You've got a miserable cold, but are anxious to get up and around again. Is it okay to hop on the treadmill, or will that use up energy that you need to fight off the bug?
Use good judgment, doctors say. It's usually all right to exercise as long as you feel okay, your symptoms are minor, and you don't overdo it. But going to the gym and pushing yourself too hard is not a good idea. Vigorous exercise can stress the immune system. Also keep in mind that you might spread your illness to others. Wash your hands with soap and water frequently or use hand sanitizer.
Symptoms above the neck: Some experts say that exercise in moderation is fine if your symptoms are mild and above the neck - such as a stuffy nose, sneezing, or scratchy throat. Just be sensible and reduce the length and intensity of your workout. Think "low-impact." For example, if you usually jog 30 minutes, consider a 15-minute walk instead. But remember, feeling sick may be a sign that your body needs a rest.
Symptoms below the neck: Exercise is not usually advised if you have symptoms below the neck, such as muscle aches, vomiting, diarrhea, chills, or a cough. And don't exercise if you have fever or feel extremely tired. In all these cases, working out could put stress on the immune system that could hamper recovery or make you feel worse.
Easy does it
When your illness seems to be letting up, slowly work back into your fitness routine. Give yourself several days of rest after a bad cold and at least a week or so after the flu before you go full-tilt. Depending on how sick you were and what your doctor advises, you may need to wait up to 2 weeks before hitting the gym again.
When resuming workouts, limit the intensity and duration of your sessions for a few days or weeks after your illness. Perhaps plan on exercising half your usual time. Or go half-speed on aerobics and lift less weight until you regain your endurance and strength. When you find that you are no longer exhausted, you'll know it's time to ease back into your regular routine.
Don't worry about losing the fitness gains you made before you were sick. Taking a little time off doesn't mean you have to go back to square one. On the other hand, working out too soon or too hard before you are fully recovered can put you back in the sick bay.
It's not just a cold
What about other types of illnesses? Exercise used to be discouraged if a person had certain chronic conditions. But it's now known that exercise can actually be helpful in treating some conditions, as long as the disease is stable and symptoms are under control. For instance:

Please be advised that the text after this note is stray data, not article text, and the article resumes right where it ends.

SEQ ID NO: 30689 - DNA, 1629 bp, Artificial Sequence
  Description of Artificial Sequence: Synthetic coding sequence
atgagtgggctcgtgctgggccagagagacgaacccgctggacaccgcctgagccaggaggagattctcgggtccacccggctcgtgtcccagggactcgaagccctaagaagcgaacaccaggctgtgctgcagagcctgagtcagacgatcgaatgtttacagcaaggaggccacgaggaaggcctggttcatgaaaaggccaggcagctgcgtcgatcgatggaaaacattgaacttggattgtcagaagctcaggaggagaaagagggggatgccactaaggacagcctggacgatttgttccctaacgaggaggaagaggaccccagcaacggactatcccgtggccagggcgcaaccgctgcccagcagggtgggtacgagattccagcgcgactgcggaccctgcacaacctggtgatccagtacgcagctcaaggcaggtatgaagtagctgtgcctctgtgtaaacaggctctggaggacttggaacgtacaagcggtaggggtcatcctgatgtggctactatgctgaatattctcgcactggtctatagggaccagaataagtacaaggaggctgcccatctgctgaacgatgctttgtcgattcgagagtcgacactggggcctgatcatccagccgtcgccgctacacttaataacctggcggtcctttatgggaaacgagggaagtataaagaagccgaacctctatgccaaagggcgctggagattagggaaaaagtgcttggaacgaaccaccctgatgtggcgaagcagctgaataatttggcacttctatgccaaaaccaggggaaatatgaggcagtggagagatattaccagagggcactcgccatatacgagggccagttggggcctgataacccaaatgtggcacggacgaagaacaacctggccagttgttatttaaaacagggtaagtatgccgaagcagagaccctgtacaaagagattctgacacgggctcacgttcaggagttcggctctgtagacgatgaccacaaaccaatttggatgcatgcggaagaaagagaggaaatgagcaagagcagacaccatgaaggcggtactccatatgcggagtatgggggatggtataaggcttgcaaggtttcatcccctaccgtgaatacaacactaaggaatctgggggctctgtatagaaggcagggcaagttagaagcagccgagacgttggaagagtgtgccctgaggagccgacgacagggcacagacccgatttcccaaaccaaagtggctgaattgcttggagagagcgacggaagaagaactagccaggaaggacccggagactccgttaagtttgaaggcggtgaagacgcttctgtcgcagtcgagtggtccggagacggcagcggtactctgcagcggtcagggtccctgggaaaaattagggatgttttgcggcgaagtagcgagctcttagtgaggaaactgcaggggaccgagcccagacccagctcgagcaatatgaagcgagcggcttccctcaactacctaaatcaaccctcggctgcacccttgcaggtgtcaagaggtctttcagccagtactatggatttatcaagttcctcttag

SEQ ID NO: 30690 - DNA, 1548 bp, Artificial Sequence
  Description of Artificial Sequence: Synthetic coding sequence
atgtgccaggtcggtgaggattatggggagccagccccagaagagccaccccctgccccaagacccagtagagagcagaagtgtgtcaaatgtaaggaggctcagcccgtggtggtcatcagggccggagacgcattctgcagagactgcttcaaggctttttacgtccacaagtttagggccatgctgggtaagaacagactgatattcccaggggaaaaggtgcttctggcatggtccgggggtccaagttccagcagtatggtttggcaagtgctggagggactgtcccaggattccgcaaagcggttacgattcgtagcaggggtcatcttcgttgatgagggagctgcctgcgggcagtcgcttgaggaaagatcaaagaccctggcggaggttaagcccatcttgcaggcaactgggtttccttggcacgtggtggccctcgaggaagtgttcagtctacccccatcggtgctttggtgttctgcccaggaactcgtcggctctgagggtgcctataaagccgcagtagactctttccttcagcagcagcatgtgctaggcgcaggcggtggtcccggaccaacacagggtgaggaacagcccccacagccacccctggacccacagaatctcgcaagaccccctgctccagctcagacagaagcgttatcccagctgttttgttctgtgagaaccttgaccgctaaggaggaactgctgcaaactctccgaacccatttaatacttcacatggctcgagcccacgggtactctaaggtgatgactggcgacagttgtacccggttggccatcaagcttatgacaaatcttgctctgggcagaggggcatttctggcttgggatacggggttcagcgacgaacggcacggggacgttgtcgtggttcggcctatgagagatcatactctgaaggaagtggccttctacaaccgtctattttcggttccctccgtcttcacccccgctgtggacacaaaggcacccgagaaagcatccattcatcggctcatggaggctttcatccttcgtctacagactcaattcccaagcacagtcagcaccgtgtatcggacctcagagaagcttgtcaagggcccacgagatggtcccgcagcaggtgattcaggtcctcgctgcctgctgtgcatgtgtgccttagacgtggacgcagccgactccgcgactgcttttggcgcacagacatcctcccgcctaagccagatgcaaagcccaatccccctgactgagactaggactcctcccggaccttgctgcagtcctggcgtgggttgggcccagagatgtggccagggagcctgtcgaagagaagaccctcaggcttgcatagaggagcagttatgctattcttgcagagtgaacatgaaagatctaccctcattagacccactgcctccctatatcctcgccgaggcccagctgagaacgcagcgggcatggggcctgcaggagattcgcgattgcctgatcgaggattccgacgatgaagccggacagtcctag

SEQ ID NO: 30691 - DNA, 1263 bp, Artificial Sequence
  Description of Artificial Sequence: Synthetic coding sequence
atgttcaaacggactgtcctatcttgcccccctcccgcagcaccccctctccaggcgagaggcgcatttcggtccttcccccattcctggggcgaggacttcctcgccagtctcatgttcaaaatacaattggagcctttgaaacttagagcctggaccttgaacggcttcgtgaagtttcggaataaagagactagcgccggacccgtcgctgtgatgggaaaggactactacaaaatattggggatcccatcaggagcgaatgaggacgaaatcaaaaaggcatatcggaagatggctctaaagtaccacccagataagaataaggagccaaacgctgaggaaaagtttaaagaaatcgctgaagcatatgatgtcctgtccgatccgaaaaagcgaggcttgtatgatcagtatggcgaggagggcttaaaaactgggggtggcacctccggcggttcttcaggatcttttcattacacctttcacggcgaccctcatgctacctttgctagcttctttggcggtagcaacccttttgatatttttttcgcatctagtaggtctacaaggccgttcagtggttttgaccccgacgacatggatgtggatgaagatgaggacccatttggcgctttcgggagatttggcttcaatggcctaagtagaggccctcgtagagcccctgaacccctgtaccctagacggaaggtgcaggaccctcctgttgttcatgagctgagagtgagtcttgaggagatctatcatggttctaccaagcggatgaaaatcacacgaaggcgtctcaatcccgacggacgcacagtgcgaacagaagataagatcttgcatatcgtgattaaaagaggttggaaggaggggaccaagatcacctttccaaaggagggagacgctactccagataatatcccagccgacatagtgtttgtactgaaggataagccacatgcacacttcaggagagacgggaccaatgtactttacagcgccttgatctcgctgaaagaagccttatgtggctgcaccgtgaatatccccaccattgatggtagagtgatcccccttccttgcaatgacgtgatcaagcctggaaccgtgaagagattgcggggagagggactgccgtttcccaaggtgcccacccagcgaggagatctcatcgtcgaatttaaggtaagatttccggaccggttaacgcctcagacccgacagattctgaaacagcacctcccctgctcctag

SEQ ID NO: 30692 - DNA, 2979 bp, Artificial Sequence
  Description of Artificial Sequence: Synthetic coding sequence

- Exercise is often an important part of recovery after a heart attack, when cleared by a doctor first. Cardiac rehabilitation (rehab) is a medically supervised program that includes exercise training, education on heart-healthy living, and counseling to reduce stress. This program helps people with heart problems return to an active life.
- Certain forms of exercise can help to ease pain, and increase flexibility and strength if you have chronic back pain.
- Exercise has been shown to reduce fatigue in some people with cancer - both during and after treatment.
- If you have diabetes, exercise can help your body "use up" sugar that can damage your body. Your doctor can give you guidelines to follow based on your blood glucose readings.
- Muscle-building exercises, such as lifting light weights, may improve strength in people with certain chronic diseases.
- Weight-bearing exercise can often help prevent further bone loss in those with osteoporosis.
If you have a chronic disease or condition, you're overweight, or you've been inactive for awhile, check with your doctor before you increase your physical activity.
Created on 01/13/2000
Updated on 09/06/2011
- National Institute on Aging and the National Aeronautics and Space Administration. Is it safe for me to exercise?
- American Cancer Society. Nutrition and physical activity during and after cancer treatment: answers to common questions.
- American College of Sports Medicine. Exercise and the common cold.